A Broken Mirror

Overview

In its moment of great splendor the novel was held as a mirror of society: Mercè Rodoreda shatters that mirror in this, her most ambitious novel, which tells its story in brilliant fragments, a vision reflected and refracted and finally coming together in a richly articulated mosaic of life. Through this Broken Mirror, the reader sees events and characters spanning three generations and composing a kaleidoscopic family history ranging over six decades and turning upon events ...

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Overview

In its moment of great splendor the novel was held as a mirror of society: Mercè Rodoreda shatters that mirror in this, her most ambitious novel, which tells its story in brilliant fragments, a vision reflected and refracted and finally coming together in a richly articulated mosaic of life. Through this Broken Mirror, the reader sees events and characters spanning three generations and composing a kaleidoscopic family history ranging over six decades and turning upon events both intimate and historic—most notably the Spanish Civil War.

Opening with Teresa Goday, the lovely young fishmonger’s daughter married to a wealthy old man, the story shifts from one perspective to another, reflecting from myriad angles the founding of a matriarchal dynasty—and its eventual, seemingly inevitable disintegration. A family saga extending from the prosperous Barcelona of the 1870s to the advent of the Franco dictatorship, A Broken Mirror is finally also a novel about the inexorable passing of time.

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Editorial Reviews

Kirkus Reviews
Three generations of a family flourish and decline in Barcelona. Separated into three parts, and narrated from multiple perspectives, ranging from that of a vitiated aristocrat to a discontented servant, the story begins in the late-19th century and follows the fortunes of Teresa Goday, her children and her grandchildren through the revolution and the rise of Franco. Teresa, a charming gold-digger, secures for herself two wealthy husbands and a beautiful villa. An essentially goodhearted worker, Teresa is larger than life, managing to please her husbands, seduce their friends and ensure the loyalty of her servants, all the while stockpiling a fortune for her daughter and her illegitimate son. Yet this carefree, exuberantly romantic woman produces a severe, uncompromising daughter, who in turn produces a weak-willed son. Once Teresa's grandson is of an age to head the family, he has succumbed to depression and lives in poverty. The villa Teresa secured for her family falls into disrepair and passes from her family's control. Most captivating is how the author reveals the inner life of her characters precisely and unsentimentally, often merely with a well-turned sentence. The prose is rich, almost lush, but it is also impersonal, without artificial or romanticized descriptions of an ideal past or a lost future. Rodoreda is also perfectly attuned to the differences in each narrative voice: Teresa's sections are sensuous and ambitious, imaginative and fresh, for example, while the servants' narratives are at once sullen, admiring, respectful and angry. Equally arresting is the acute depiction of how people confront the physical and mental ruin of passing time; this is the thread that uniteseach of the sections more surely than the family resemblances, which becomes harder and harder to discern in each passing generation. Beautifully muted and intricate rendering of the aristocracy of Barcelona.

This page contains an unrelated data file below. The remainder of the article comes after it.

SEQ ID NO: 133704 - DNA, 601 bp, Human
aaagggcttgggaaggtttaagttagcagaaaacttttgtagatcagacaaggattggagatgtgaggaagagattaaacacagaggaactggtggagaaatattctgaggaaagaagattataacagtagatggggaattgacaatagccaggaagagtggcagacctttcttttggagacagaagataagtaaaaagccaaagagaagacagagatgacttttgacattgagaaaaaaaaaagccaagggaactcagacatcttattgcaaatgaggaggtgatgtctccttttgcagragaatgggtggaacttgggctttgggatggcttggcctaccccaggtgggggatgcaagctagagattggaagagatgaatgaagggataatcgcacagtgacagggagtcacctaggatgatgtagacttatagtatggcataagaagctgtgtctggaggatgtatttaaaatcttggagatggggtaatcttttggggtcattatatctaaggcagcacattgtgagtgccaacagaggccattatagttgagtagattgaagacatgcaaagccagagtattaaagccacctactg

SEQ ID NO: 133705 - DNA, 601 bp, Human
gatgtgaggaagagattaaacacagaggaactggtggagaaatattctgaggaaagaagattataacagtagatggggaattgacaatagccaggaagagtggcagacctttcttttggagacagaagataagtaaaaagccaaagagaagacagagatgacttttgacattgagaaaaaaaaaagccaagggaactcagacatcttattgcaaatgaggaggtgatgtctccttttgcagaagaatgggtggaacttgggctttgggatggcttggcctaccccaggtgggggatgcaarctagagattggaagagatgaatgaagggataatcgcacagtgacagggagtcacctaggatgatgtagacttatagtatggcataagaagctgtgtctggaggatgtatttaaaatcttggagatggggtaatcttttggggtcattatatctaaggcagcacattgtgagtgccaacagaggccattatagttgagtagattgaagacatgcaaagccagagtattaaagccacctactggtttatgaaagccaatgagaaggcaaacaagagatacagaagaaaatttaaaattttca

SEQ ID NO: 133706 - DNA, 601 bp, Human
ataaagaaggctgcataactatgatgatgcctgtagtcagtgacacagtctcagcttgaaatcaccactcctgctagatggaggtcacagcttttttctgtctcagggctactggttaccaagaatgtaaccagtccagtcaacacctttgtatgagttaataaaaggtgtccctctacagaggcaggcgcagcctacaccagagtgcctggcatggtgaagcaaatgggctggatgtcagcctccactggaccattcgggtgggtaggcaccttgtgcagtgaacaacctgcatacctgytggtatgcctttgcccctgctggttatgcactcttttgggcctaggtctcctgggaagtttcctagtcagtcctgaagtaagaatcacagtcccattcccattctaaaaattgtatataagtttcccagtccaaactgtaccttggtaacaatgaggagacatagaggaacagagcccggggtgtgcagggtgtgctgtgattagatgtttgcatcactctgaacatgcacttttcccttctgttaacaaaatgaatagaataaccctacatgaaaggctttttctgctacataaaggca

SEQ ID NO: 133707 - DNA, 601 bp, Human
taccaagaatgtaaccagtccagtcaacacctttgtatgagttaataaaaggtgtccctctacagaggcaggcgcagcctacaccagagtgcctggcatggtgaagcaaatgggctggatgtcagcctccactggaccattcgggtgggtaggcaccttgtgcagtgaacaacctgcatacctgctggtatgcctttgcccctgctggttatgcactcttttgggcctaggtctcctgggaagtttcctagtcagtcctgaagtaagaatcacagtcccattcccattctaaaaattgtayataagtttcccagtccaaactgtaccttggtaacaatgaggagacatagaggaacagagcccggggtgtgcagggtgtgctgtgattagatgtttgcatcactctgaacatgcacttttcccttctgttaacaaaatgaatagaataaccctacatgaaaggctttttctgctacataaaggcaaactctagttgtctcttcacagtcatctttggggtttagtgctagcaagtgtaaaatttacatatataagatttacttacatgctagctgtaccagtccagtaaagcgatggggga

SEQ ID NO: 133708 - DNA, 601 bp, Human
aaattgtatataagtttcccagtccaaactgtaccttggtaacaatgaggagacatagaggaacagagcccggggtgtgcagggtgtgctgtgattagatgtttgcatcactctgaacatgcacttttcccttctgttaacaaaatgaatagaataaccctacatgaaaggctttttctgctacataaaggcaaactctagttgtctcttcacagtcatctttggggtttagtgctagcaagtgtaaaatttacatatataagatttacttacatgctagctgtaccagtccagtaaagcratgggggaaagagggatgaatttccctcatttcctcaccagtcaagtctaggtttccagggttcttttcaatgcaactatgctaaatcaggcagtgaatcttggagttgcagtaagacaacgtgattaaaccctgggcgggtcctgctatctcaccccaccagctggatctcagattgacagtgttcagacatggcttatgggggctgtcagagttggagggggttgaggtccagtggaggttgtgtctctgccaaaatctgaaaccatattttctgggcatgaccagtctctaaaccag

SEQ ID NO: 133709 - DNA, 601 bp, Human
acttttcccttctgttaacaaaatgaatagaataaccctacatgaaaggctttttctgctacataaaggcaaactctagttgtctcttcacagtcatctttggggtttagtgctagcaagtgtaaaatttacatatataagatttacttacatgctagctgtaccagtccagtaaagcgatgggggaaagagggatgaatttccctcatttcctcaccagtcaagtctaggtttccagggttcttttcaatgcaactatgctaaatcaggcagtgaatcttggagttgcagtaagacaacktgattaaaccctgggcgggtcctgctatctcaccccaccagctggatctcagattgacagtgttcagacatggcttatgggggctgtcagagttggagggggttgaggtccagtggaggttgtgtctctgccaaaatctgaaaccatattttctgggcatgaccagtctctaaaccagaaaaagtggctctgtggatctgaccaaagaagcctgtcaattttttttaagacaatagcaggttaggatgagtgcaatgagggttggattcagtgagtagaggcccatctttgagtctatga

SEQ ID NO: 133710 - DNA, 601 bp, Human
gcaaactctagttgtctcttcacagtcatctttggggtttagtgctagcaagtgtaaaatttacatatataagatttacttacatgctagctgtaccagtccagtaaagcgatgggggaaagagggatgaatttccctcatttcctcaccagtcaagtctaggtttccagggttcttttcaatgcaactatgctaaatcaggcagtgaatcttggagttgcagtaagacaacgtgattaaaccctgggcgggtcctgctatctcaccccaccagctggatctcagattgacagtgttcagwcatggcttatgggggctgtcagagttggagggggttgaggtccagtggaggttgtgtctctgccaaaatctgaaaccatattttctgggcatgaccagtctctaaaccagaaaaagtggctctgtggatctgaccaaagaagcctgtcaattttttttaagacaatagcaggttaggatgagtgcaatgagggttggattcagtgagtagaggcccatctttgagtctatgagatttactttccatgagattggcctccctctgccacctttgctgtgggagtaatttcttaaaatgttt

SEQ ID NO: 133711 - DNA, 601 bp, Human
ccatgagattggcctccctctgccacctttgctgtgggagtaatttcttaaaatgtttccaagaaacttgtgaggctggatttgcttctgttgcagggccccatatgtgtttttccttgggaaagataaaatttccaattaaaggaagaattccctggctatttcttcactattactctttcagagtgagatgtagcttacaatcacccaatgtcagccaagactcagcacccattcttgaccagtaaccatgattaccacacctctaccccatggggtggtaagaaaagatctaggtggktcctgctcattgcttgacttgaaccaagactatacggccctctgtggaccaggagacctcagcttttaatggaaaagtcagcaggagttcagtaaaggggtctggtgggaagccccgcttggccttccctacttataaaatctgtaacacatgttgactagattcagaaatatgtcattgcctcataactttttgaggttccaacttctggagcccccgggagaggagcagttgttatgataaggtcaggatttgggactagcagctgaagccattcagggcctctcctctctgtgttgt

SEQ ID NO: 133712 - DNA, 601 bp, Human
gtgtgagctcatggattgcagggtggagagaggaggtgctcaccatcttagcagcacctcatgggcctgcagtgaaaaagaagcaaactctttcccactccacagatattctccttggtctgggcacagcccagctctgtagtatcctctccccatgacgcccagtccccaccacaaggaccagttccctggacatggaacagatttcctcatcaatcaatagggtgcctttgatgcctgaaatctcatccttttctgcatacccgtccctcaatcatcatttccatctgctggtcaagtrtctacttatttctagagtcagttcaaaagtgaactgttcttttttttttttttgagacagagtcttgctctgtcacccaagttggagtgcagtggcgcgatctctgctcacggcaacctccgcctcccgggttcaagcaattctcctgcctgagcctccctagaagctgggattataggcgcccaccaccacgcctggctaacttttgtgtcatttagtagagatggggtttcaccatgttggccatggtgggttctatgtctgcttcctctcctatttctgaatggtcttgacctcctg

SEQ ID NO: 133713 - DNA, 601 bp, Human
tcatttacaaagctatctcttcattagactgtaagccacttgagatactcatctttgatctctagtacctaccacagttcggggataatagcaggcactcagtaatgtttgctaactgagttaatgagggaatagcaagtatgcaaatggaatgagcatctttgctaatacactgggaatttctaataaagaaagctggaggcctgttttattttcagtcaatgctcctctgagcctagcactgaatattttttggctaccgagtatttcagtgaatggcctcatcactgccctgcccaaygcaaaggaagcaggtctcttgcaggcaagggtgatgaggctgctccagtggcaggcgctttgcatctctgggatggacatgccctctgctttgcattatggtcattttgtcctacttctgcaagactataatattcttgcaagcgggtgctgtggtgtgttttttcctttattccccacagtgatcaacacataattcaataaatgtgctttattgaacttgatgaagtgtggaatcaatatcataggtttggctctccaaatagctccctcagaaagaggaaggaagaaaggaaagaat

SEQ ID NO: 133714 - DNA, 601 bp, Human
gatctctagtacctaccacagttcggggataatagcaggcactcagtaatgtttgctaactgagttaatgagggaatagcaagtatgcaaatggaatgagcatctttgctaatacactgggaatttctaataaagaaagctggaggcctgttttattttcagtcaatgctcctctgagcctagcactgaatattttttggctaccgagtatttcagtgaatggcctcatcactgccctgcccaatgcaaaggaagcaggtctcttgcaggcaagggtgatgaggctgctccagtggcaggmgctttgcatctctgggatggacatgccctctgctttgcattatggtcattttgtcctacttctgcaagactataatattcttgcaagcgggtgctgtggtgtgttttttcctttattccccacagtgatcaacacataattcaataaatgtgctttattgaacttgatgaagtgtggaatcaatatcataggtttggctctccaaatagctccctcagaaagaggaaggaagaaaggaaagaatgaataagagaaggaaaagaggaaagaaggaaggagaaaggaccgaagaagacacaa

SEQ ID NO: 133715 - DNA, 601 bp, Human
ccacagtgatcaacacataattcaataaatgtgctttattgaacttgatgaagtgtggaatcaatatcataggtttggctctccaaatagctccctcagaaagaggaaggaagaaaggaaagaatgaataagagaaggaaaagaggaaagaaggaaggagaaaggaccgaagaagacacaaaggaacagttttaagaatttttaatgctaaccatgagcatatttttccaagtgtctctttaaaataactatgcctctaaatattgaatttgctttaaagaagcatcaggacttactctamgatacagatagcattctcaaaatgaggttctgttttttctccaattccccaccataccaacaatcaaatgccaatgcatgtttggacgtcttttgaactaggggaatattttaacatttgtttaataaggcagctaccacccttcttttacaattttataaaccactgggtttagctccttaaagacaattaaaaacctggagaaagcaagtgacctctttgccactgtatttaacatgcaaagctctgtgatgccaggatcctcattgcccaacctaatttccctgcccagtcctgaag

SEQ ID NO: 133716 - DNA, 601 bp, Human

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Product Details

  • ISBN-13: 9780803290075
  • Publisher: University of Nebraska Press
  • Publication date: 4/28/2006
  • Series: European Women Writers Series
  • Edition description: First Edition
  • Pages: 226
  • Sales rank: 1,437,538
  • Product dimensions: 5.40 (w) x 8.40 (h) x 0.60 (d)

Meet the Author

Mercè Rodoreda (1908–1983) has emerged as perhaps the most important fiction writer of the twentieth century in Catalan literature and is one of the most interesting writers of the contemporary Spanish literary world. She is primarily known in this country for her novel The Time of the Doves, published in English translation. Josep Miquel Sobrer is a professor in the Department of Spanish and Portuguese at Indiana University. The editor of Catalan Review, he has also edited and translated an anthology of Catalan texts, Catalonia: A Self-Portrait.

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